Zinnekah is one of eight plaintiffs deported to the U.S. and placed on administrative leave without pay by GLS. The group is now seeking compensation for that leave time, which they say was out of their control.

GLS President Charles Tolleson told Stars and Stripes in June that he was trying to return Zinnekah and others to Kuwait after their deportations. Zinnekah said he was instead laid-off after being told he had used all his leave time.

“There was a lot of promises made, and myself like many, like to give the benefit of the doubt and we like to go on good faith,” he said. “And none of that worked out.”

Tolleson didn’t return multiple messages left with his office and attorney in recent days.

Other linguists have tried working with Al Shora to have their warrants lifted. Several at Buehring said they canceled the power-of-attorney they gave GLS earlier in the dispute and that they say the company used to file a lawsuit against Al Shora in Kuwaiti court. Al Shora responded with a countersuit against the linguists for 250,000 Kuwaiti dinars, or about $882,000, several of the linguists said.

The linguists said Al Shora owner Reham Aljelewi promised to clear them after they revoked the power-of-attorney and signed a statement of retraction. But nothing happened at a recent court date for Al Shora’s countersuit — it was rescheduled for late October.

The linguists also said GLS tried to have them sign a statement admitting to having broken Kuwaiti laws, but that most refused.

“I haven’t done anything. Why should I admit to such false accusations?” Alsaidi said.

Those still at Buehring said that although they are still being paid, they missed family and wanted to work. Some have had to turn down other job opportunities because of their situation. Linguists are also unable to receive medical treatment on the posts outside of an emergency, leading to difficult situations for some.

Nada Malek, a linguist on Camp Arifjan, said medics on base refused to treat her after she broke her ankle. She instead waited days for a Kuwaiti doctor to come to the base, she said.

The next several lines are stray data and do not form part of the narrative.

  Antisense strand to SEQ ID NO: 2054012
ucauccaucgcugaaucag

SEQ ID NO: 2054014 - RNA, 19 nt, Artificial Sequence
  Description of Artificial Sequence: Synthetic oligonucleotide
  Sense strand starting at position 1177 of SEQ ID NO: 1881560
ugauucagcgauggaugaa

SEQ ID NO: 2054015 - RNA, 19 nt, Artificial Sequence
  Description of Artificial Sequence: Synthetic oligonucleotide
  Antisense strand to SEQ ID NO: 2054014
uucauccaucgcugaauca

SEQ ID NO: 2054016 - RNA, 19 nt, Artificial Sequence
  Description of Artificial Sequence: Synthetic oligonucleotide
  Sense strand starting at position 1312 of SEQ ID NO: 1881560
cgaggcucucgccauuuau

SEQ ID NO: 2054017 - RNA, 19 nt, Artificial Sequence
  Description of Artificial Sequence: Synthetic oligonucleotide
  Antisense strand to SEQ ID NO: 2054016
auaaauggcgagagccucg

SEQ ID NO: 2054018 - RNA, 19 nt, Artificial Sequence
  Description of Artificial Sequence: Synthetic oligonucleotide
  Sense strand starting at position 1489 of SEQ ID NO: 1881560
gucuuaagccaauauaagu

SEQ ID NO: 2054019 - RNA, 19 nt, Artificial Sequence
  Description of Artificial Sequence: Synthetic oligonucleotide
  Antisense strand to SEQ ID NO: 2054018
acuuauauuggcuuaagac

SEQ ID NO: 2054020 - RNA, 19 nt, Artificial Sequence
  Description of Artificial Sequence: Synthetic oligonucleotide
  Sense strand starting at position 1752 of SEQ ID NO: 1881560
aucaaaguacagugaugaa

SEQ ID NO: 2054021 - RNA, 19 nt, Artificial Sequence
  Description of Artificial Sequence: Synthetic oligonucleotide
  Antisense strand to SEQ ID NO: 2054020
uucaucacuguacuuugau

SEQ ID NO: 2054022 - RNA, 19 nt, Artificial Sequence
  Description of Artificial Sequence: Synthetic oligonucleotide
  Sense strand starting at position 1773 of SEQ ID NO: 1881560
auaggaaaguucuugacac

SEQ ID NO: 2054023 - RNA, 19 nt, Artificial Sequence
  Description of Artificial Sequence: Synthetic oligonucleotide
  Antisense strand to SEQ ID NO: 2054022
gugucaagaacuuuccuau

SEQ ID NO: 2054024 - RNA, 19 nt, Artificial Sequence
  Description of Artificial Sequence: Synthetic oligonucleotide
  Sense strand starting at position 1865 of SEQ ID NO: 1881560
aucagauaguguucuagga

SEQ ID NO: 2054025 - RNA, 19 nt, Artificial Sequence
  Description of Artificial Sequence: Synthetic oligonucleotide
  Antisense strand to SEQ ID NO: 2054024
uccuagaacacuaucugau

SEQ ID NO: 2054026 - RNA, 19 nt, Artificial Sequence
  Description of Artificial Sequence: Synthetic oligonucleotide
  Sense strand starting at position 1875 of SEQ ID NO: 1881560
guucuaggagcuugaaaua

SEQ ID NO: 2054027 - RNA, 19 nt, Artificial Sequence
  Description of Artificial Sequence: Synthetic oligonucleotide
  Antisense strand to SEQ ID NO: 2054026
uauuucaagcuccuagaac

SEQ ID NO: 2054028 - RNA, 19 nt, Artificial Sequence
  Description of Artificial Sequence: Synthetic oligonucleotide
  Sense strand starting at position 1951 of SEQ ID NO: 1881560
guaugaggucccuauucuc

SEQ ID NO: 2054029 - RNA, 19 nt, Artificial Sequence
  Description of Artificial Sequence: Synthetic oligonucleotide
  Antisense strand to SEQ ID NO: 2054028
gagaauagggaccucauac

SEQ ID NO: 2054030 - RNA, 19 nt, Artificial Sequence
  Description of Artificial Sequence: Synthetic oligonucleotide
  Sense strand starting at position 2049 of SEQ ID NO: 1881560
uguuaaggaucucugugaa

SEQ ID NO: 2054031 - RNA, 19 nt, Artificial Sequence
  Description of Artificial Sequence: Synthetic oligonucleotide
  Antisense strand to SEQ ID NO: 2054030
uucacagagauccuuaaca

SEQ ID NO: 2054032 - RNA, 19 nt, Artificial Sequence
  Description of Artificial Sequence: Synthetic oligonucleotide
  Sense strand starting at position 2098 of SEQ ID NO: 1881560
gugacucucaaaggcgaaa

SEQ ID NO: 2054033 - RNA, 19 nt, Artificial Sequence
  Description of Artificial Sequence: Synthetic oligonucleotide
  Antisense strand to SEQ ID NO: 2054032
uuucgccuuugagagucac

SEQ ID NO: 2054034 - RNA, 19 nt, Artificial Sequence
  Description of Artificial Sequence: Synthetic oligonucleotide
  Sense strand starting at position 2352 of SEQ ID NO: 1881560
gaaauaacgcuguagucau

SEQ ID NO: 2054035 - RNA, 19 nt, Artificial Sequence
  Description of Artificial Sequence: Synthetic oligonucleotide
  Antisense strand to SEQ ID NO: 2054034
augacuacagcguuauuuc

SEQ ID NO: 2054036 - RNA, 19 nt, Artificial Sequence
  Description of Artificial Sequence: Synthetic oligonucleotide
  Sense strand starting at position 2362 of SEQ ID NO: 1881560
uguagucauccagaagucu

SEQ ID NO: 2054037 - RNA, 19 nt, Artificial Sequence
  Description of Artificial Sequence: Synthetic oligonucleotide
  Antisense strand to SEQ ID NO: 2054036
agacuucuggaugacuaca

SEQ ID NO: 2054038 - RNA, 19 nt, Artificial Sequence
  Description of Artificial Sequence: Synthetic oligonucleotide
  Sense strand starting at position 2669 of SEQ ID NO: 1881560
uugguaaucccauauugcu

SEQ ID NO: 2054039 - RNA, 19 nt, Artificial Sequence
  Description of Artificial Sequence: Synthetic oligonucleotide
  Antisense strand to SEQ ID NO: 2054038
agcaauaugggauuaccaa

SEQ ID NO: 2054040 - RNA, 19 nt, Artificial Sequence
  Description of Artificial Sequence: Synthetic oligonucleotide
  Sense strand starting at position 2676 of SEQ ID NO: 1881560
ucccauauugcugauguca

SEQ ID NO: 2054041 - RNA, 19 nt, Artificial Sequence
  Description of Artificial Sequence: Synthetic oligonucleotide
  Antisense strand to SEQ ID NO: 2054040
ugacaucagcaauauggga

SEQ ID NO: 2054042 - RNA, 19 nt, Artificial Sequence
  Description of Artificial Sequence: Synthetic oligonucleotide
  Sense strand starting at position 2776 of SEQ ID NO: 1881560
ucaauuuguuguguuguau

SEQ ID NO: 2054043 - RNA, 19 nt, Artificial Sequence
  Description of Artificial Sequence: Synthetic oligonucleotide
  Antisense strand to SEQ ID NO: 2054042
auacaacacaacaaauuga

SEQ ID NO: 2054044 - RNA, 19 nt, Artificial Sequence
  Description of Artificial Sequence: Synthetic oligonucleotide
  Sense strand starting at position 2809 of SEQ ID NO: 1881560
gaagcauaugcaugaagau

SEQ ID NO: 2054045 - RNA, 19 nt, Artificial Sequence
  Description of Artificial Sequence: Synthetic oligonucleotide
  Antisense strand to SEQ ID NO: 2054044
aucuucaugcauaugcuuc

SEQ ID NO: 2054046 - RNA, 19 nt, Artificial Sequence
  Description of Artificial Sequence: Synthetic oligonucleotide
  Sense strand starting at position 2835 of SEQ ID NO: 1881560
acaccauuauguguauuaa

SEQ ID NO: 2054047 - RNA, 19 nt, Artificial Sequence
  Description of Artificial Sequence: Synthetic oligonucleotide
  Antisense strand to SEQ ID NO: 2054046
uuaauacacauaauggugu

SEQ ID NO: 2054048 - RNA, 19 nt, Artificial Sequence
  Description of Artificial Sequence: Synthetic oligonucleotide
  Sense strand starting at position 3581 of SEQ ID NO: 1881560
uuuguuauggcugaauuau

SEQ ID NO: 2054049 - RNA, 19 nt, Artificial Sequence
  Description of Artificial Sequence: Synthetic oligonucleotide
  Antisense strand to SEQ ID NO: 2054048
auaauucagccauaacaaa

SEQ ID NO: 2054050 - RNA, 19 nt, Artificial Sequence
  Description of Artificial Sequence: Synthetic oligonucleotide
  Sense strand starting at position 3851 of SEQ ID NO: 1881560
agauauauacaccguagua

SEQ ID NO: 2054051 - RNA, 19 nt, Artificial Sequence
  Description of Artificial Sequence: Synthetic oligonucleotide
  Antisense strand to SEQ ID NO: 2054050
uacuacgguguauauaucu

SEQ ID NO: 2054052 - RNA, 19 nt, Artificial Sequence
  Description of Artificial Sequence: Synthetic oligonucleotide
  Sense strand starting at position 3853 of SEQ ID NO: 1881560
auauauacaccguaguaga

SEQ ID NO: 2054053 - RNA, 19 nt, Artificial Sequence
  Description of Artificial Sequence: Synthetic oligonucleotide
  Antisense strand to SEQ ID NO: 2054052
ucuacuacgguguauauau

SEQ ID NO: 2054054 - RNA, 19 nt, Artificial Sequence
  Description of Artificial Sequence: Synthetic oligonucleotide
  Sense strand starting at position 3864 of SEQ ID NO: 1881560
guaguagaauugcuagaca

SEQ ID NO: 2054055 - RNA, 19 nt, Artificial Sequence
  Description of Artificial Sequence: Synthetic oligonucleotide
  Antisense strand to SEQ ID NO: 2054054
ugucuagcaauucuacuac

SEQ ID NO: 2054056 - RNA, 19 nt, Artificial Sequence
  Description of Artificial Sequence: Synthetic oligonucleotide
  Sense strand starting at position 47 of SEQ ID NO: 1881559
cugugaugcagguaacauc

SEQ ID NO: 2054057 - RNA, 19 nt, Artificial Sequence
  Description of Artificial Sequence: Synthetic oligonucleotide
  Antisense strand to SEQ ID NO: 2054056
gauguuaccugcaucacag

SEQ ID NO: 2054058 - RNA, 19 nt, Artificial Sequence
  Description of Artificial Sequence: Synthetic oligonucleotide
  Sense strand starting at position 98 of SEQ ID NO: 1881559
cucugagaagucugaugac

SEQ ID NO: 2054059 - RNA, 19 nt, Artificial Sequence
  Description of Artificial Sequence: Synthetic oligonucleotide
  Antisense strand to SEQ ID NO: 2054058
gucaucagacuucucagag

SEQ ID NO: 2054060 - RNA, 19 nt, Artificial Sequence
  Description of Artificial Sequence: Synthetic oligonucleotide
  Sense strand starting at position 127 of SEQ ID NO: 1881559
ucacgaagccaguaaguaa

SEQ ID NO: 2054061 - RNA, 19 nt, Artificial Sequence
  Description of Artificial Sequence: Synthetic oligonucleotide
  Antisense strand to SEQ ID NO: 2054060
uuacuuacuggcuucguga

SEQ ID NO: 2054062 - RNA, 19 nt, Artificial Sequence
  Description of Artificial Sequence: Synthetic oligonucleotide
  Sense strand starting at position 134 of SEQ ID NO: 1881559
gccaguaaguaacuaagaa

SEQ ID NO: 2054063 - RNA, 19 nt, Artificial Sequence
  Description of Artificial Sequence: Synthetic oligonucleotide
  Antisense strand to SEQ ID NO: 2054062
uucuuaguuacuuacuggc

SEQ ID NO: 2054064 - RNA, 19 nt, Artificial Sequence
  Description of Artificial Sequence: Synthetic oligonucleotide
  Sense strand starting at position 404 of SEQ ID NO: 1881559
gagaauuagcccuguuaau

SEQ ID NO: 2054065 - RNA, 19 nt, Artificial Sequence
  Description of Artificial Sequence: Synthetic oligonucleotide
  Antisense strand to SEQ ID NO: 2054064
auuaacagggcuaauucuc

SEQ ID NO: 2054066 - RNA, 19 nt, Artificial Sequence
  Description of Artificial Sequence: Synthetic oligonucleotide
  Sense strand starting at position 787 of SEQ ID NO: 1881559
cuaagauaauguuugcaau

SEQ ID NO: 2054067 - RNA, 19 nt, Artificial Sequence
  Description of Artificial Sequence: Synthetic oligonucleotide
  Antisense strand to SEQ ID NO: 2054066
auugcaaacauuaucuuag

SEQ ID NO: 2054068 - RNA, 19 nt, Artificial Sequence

Army Forces Central Command declined to comment for this story, referring queries to the service’s Intelligence and Security Command, which manages linguist contracts. A spokesman for that command did not discuss Malek’s case, but said GLS is responsible for the routine care of its employees, while Army medics could treat emergency conditions.

In a prepared statement, a State Department official called the matter a “commercial dispute” and said the department was involved through its local embassy.

“The U.S. Embassy in Kuwait has reached out to Kuwaiti government officials at a variety of levels in order to seek clarification and identify a path to allow the citizens to depart Kuwait or otherwise address the matter,” the statement said. “At the same time, the Embassy’s consular section has worked to help all of the private parties involved find a solution to this difficult issue.”

Malek was recently returned home to Nevada after a pair of emergencies involving her husband and son. Her case was unique due to her circumstances, Hennessy said, and offers little promise for others still on the bases; GLS fired Malek after she departed, citing her “unauthorized absence” from the base, according to a copy of the notice obtained by Stars and Stripes.

Before leaving Arifjan, Malek said linguists were in a difficult situation that was only growing worse.

“The pay is not important as much as your freedom,” she said. “Most of us want to go to their families. Most of us want to go on vacation. Most of us want to go to other countries. But we have no freedom.”

beardsley.steven@stripes.com Twitter: @sjbeardsley